I ventured out to Rockaway Beach on Sunday, my fifth trip there since summer started. Yesterday was particularly gorgeous. There was a refreshing breeze (okay, maybe a little strong at times and some sand got in my beer) and the ocean was calm and invigorating—I overheard a couple of kids complain that it was "freezing" but they're nuts, it's perfect right now. The Atlantic's always a little chilly at first but that's what you want when you're overheating in the blazing sun, right?

Anyway, Rockaway Beach is an urban gem, and last weekend photographer Tod Seelie was there to document the beach style so you know what to wear (kidding, it obviously doesn't matter). It's a relief to see the community bouncing back from Hurricane Sandy, but the beach still has a ways to go. A large section of the boardwalk that was ripped off during the surge has yet to be restored, and some parts of the beach are still off-limits.

A few tips for the Rockaway-bound if you've never been there:

  • The NYPD vigilantly issues summonses for open container violations on the beach. Do not openly drink beer or wine or Four Loko out there; bring Solo cups and discreetly pour whatever contraband into that and you'll be fine (probably).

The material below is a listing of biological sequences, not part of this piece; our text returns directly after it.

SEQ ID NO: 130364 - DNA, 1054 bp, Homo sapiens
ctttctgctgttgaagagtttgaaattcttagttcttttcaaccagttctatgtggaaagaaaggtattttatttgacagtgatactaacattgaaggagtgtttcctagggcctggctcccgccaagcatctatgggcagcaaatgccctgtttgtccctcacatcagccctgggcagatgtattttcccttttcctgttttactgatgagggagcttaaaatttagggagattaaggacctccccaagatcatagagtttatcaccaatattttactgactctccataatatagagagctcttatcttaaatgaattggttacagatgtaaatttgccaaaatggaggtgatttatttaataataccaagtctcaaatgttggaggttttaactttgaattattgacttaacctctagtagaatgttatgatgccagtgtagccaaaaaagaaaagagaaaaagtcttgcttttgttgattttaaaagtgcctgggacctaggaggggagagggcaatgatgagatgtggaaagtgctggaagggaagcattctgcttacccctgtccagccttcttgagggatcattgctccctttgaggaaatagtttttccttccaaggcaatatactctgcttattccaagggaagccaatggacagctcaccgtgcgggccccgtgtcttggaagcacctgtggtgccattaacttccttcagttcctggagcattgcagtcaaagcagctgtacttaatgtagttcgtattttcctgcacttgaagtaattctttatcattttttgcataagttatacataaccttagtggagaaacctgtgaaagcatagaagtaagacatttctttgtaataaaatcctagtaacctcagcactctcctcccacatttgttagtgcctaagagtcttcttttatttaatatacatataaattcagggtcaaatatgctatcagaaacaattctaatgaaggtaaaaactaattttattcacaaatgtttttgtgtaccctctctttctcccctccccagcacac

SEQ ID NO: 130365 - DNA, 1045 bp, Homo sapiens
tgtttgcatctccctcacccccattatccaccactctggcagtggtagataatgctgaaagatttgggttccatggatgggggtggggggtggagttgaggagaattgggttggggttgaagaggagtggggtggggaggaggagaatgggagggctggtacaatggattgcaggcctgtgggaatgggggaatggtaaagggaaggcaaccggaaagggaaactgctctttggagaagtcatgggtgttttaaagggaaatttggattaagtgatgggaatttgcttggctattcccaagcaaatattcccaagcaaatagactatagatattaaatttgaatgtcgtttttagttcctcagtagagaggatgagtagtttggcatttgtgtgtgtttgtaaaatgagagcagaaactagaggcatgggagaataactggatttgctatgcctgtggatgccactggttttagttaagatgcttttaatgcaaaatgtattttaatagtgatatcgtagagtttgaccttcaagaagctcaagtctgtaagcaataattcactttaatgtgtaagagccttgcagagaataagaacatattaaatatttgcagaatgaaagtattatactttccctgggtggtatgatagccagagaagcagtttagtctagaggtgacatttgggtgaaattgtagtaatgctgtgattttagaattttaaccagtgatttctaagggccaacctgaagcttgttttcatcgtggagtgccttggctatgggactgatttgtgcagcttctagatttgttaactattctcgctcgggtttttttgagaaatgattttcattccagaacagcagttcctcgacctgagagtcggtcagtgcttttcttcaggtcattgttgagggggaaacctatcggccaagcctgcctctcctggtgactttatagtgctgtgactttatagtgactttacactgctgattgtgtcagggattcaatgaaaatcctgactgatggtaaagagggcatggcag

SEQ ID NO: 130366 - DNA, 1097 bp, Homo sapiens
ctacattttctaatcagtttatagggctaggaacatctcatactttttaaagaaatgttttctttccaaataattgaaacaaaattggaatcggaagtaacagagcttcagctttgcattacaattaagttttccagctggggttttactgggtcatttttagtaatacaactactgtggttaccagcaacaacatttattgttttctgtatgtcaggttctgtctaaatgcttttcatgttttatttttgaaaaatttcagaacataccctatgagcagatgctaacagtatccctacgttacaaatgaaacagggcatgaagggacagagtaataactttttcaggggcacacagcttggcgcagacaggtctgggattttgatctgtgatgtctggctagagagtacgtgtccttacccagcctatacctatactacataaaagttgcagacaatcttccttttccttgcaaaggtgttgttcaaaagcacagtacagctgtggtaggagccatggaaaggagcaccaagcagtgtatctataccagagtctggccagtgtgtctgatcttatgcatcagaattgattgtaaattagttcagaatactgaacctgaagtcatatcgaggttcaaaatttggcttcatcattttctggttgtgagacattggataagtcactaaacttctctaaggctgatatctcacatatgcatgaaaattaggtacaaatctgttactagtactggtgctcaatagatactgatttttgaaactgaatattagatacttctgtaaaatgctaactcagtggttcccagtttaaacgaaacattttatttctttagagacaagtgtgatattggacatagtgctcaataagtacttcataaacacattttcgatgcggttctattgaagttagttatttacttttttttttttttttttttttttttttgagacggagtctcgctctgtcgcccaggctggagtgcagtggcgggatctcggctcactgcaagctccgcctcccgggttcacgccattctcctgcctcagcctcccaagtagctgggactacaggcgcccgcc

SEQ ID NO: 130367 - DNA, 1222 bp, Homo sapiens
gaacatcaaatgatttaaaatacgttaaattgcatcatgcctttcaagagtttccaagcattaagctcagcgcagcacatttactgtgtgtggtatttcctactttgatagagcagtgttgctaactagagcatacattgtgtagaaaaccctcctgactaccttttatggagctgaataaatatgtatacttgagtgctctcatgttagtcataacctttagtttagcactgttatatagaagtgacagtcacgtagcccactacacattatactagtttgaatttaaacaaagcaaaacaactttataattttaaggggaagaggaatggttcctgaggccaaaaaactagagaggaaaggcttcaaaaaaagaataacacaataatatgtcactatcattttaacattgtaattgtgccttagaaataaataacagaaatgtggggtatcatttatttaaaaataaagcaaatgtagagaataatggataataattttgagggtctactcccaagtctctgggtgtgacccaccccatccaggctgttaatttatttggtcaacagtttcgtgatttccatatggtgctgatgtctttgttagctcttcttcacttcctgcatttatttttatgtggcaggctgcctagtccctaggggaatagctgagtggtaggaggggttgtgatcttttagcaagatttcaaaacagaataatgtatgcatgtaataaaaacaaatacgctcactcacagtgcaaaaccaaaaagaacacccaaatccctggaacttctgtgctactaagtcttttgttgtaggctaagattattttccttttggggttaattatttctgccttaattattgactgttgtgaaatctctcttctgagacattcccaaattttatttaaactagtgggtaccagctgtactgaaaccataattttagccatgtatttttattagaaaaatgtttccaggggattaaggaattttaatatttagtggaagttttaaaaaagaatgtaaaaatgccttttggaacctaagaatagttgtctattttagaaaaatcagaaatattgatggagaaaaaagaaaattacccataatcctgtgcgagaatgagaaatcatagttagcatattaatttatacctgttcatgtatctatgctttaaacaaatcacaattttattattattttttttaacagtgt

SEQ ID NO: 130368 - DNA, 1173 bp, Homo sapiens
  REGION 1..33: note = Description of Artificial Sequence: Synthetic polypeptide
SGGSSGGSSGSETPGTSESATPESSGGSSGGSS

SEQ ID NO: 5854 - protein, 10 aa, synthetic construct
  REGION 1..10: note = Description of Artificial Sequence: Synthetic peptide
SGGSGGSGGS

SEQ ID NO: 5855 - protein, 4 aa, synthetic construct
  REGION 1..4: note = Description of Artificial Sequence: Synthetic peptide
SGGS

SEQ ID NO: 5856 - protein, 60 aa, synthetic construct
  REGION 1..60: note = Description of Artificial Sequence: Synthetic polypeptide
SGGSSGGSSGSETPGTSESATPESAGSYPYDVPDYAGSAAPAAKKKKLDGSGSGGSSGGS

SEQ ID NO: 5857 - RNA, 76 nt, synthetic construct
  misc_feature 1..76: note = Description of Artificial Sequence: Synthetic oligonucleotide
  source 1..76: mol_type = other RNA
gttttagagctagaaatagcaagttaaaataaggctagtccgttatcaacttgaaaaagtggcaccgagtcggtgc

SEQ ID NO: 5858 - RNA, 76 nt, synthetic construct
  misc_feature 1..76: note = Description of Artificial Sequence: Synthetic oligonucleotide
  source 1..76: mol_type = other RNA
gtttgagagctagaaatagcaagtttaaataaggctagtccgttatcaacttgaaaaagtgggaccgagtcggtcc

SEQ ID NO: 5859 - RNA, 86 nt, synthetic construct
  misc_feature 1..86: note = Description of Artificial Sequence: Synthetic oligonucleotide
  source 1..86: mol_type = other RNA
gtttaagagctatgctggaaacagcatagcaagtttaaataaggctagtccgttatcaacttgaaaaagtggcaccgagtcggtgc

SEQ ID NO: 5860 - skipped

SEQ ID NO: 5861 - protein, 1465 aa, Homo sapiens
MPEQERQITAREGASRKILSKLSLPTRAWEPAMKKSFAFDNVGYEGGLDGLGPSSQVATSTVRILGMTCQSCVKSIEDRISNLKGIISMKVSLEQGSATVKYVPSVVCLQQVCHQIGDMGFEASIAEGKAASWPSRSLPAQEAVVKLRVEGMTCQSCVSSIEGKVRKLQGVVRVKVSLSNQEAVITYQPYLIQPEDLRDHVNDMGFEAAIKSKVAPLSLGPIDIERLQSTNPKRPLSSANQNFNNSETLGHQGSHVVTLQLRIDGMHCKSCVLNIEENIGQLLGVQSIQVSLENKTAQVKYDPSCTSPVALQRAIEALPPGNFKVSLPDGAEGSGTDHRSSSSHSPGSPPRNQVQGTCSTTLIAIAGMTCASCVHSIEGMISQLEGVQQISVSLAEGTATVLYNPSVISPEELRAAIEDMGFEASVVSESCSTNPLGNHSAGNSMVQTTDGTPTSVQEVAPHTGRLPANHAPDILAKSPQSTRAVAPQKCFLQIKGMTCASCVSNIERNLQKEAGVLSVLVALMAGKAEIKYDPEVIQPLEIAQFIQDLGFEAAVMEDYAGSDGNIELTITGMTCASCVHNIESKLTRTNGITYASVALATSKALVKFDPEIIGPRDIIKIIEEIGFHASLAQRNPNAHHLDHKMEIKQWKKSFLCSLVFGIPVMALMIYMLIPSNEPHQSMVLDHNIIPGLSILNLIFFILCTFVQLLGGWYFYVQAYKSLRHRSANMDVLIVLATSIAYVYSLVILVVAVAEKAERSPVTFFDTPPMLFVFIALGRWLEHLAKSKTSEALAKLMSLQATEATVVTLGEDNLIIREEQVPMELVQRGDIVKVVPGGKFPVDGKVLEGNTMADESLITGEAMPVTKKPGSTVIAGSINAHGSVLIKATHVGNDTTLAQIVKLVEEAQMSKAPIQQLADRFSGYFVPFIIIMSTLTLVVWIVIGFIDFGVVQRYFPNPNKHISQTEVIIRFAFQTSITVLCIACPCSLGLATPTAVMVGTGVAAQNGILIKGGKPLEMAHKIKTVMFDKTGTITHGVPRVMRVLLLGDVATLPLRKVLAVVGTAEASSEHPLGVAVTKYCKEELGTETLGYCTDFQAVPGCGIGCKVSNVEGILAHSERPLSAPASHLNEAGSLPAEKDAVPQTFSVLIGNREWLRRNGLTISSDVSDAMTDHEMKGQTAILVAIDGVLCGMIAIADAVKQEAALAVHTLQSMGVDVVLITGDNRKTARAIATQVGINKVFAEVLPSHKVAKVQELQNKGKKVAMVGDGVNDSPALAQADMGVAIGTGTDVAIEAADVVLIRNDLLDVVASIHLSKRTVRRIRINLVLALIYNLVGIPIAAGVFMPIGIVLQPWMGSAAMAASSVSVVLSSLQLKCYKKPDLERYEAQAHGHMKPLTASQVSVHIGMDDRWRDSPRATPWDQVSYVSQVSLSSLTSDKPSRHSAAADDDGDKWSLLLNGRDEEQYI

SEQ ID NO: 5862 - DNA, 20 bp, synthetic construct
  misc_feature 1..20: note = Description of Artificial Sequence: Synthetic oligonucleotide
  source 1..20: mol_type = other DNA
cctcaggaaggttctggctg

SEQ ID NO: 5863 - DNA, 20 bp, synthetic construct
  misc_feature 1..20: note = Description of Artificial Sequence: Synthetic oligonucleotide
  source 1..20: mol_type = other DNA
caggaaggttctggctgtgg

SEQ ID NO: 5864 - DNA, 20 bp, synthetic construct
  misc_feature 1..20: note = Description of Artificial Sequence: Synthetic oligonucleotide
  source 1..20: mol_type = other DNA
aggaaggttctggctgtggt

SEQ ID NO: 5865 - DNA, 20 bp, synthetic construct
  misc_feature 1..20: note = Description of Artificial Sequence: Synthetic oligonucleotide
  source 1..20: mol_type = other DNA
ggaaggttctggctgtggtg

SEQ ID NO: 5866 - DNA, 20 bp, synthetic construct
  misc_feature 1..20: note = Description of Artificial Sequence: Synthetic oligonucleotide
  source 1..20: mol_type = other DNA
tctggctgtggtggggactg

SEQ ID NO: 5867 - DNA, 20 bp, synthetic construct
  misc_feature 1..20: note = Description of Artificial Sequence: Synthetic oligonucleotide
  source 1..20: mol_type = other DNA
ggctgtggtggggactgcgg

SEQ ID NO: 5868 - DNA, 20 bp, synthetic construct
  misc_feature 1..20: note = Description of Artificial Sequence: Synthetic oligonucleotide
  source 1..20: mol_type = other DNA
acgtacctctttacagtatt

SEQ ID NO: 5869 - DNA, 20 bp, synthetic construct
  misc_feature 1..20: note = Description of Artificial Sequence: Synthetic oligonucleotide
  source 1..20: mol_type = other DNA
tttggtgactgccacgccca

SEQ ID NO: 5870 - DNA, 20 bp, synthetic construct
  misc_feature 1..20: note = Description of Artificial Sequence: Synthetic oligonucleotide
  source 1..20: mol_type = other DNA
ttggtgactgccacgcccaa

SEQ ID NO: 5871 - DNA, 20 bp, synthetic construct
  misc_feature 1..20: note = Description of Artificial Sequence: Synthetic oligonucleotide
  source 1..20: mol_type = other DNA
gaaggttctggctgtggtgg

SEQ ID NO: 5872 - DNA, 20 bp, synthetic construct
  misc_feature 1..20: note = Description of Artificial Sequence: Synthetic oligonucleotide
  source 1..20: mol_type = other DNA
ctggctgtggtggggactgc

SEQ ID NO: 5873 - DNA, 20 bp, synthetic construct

• The beach gets crowded near the bathroom and concession facilities at Beach 86th Street and Beach 97th Street, but I walked a few blocks further to Beach 81st Street yesterday and it was much more chill.
  • If you don't want to take the A train, Rockabus offers hourly trips to Rockaway and Jacob Riis from Williamsburg and the Lower East Side. $15 round trip, and they're now doing late-night service back from the new Playland Motel.
  • The lifeguards tend to blow their whistles incessantly, waving at various swimmers to stay away from the rock jetties or come closer to shore. If this sort of thing annoys you, you may want to pick your spot equidistant between the lifeguard stands.
  • If you can accept waiting on line for 20 minutes or so, you should definitely walk over to Rockaway Taco for some tasty tacos. The line moves quickly and is always longer than it appears, and once you put your order in the food usually comes out immediately. (Always remember to wear your frisbee face mask for extra protection.)

And here's our guide to other beaches in the NYC area. Summer's almost over, people!